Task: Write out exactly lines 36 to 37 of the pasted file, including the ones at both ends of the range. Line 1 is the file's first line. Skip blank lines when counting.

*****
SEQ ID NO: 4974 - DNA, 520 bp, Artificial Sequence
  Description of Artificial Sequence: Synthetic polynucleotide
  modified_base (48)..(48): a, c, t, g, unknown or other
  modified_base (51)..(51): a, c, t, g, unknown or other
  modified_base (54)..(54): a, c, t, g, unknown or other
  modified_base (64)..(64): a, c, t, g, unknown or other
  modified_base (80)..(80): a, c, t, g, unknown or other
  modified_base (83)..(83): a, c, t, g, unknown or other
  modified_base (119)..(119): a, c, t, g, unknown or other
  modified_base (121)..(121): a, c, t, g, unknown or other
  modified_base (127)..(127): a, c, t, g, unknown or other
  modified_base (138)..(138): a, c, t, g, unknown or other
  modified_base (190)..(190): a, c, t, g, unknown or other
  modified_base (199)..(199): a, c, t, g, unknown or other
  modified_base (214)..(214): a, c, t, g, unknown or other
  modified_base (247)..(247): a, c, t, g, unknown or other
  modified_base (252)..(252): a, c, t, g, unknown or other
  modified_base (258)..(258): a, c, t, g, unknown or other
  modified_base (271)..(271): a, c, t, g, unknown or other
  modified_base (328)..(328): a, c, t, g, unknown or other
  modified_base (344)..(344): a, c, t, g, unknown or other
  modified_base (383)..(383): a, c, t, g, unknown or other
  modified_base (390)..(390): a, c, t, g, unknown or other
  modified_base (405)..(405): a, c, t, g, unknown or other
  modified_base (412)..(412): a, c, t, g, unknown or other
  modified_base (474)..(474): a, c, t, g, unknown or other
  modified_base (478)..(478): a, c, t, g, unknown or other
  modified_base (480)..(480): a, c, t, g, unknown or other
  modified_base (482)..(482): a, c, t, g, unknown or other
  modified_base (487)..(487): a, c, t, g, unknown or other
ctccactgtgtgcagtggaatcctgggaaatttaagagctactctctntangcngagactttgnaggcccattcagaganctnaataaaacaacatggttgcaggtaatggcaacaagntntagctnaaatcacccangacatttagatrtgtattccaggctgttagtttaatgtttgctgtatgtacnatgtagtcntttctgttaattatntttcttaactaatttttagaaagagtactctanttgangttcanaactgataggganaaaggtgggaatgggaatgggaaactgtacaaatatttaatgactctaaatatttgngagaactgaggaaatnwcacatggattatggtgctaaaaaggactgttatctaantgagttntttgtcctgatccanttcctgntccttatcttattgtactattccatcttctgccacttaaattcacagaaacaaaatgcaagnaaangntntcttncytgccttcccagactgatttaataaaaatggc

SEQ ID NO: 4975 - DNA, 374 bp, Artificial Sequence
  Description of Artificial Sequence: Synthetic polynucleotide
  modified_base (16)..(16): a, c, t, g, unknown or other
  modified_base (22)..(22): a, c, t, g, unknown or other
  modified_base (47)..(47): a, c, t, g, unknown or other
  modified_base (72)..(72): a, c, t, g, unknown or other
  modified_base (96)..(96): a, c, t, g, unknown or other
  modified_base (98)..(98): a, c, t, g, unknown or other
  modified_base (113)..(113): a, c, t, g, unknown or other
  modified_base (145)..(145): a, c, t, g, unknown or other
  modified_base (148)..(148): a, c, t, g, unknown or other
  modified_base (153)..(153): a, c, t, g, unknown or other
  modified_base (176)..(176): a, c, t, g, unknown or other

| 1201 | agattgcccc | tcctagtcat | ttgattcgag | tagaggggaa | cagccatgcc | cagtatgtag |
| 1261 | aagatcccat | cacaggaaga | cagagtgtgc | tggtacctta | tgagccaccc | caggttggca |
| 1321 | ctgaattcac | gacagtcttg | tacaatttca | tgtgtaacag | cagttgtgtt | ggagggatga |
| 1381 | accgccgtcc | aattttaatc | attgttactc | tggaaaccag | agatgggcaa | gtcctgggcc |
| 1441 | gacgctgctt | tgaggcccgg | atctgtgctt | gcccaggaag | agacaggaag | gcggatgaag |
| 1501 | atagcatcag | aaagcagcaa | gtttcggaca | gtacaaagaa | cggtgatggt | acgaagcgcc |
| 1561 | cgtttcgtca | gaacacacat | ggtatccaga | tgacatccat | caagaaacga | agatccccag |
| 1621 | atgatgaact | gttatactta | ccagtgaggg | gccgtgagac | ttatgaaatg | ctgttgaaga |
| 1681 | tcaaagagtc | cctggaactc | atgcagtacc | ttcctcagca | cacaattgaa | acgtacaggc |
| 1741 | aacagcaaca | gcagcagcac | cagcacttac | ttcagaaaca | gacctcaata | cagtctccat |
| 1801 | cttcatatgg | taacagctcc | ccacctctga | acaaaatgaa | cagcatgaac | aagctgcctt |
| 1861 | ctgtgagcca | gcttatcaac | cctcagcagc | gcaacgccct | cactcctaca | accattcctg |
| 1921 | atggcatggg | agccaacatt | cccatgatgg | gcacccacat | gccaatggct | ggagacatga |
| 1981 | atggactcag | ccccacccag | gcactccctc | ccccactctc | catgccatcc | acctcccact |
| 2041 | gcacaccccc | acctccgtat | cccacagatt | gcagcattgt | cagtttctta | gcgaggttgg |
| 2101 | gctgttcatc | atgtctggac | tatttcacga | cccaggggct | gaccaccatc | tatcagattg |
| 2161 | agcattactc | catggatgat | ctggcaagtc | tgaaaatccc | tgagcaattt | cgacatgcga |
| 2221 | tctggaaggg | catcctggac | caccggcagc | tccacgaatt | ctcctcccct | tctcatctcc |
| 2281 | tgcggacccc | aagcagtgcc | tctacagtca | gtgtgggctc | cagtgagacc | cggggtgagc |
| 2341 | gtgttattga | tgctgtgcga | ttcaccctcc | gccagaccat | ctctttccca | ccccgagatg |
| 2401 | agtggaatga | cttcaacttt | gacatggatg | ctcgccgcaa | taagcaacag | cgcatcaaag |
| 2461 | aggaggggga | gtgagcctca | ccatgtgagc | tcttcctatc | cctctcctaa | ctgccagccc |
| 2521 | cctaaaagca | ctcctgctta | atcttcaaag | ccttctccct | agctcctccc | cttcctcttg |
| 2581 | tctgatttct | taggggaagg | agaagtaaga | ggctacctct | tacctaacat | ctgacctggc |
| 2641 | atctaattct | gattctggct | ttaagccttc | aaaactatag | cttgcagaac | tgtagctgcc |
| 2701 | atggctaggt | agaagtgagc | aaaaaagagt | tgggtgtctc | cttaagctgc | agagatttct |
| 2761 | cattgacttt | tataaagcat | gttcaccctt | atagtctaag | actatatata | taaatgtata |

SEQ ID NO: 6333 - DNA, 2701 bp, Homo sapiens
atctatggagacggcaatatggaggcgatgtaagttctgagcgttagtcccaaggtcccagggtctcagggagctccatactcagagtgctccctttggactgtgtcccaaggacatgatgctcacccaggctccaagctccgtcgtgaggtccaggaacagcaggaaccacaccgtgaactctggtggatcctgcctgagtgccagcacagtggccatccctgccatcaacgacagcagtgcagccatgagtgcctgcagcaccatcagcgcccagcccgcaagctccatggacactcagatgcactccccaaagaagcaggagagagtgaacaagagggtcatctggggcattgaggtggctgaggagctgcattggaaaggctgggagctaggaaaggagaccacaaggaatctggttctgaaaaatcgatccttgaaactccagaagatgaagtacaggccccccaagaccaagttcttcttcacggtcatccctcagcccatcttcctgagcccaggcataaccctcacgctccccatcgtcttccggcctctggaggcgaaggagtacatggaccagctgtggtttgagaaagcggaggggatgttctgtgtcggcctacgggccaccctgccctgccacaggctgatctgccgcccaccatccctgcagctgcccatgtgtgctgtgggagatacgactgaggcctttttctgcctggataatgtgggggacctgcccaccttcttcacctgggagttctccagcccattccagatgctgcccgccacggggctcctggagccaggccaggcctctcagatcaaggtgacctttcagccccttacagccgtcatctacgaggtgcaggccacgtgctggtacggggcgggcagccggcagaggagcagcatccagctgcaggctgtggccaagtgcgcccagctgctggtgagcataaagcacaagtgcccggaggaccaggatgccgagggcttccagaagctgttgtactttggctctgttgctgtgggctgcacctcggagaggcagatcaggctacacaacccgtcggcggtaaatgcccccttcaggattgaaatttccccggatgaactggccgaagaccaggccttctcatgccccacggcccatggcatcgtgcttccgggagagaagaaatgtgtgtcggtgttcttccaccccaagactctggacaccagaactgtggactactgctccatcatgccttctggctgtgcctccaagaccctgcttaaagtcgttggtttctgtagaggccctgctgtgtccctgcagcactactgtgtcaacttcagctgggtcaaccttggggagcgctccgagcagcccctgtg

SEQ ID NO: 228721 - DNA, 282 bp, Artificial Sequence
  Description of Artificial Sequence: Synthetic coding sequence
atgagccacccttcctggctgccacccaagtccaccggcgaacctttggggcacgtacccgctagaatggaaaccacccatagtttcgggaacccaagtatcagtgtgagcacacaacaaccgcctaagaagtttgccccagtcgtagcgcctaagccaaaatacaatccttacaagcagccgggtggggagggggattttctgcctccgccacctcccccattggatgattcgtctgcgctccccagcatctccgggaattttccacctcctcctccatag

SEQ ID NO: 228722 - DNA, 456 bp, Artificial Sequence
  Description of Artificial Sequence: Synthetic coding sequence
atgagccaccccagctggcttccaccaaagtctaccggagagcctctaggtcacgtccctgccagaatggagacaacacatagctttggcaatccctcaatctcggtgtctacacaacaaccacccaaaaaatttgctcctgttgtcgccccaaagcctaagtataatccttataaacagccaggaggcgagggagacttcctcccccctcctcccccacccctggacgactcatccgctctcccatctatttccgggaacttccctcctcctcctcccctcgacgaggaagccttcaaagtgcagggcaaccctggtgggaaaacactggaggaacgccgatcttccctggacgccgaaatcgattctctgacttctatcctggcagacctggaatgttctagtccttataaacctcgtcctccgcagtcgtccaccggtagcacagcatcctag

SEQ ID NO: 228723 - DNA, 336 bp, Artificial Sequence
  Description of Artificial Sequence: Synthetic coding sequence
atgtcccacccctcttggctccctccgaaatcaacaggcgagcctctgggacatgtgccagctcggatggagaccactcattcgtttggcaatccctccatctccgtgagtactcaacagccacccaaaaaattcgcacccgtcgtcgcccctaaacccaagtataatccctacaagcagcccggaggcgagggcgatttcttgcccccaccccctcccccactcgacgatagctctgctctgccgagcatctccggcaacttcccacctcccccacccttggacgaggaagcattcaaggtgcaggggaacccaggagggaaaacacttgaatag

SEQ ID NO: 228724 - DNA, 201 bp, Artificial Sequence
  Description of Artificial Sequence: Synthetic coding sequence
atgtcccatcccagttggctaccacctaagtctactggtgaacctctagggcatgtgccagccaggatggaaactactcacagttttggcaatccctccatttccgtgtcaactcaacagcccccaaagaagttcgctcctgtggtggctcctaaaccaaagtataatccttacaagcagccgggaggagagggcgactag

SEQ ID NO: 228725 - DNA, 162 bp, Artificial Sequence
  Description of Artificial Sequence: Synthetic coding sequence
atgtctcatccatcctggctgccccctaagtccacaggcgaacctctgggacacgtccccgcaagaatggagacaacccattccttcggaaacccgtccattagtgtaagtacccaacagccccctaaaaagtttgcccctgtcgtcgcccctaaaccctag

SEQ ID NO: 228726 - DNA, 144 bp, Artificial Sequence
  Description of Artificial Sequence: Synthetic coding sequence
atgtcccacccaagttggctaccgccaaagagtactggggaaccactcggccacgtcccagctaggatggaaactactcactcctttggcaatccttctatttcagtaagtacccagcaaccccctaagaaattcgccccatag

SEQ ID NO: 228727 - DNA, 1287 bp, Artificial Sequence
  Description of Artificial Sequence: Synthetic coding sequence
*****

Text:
  modified_base (47)..(47): a, c, t, g, unknown or other
  modified_base (72)..(72): a, c, t, g, unknown or other